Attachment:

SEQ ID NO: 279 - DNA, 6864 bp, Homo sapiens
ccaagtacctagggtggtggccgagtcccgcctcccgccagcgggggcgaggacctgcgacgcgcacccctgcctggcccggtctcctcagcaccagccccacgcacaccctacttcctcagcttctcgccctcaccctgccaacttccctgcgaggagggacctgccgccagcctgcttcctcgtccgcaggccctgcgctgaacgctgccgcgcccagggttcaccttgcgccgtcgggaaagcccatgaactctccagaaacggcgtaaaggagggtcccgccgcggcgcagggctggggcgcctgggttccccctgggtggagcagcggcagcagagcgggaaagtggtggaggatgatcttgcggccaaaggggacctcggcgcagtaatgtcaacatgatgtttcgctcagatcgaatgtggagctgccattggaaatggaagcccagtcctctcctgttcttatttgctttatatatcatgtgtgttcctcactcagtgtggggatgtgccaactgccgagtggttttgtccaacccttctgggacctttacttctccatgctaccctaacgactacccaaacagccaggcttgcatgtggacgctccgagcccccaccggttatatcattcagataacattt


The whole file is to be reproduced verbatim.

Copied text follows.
SEQ ID NO: 279 - DNA, 6864 bp, Homo sapiens
ccaagtacctagggtggtggccgagtcccgcctcccgccagcgggggcgaggacctgcgacgcgcacccctgcctggcccggtctcctcagcaccagccccacgcacaccctacttcctcagcttctcgccctcaccctgccaacttccctgcgaggagggacctgccgccagcctgcttcctcgtccgcaggccctgcgctgaacgctgccgcgcccagggttcaccttgcgccgtcgggaaagcccatgaactctccagaaacggcgtaaaggagggtcccgccgcggcgcagggctggggcgcctgggttccccctgggtggagcagcggcagcagagcgggaaagtggtggaggatgatcttgcggccaaaggggacctcggcgcagtaatgtcaacatgatgtttcgctcagatcgaatgtggagctgccattggaaatggaagcccagtcctctcctgttcttatttgctttatatatcatgtgtgttcctcactcagtgtggggatgtgccaactgccgagtggttttgtccaacccttctgggacctttacttctccatgctaccctaacgactacccaaacagccaggcttgcatgtggacgctccgagcccccaccggttatatcattcagataacattt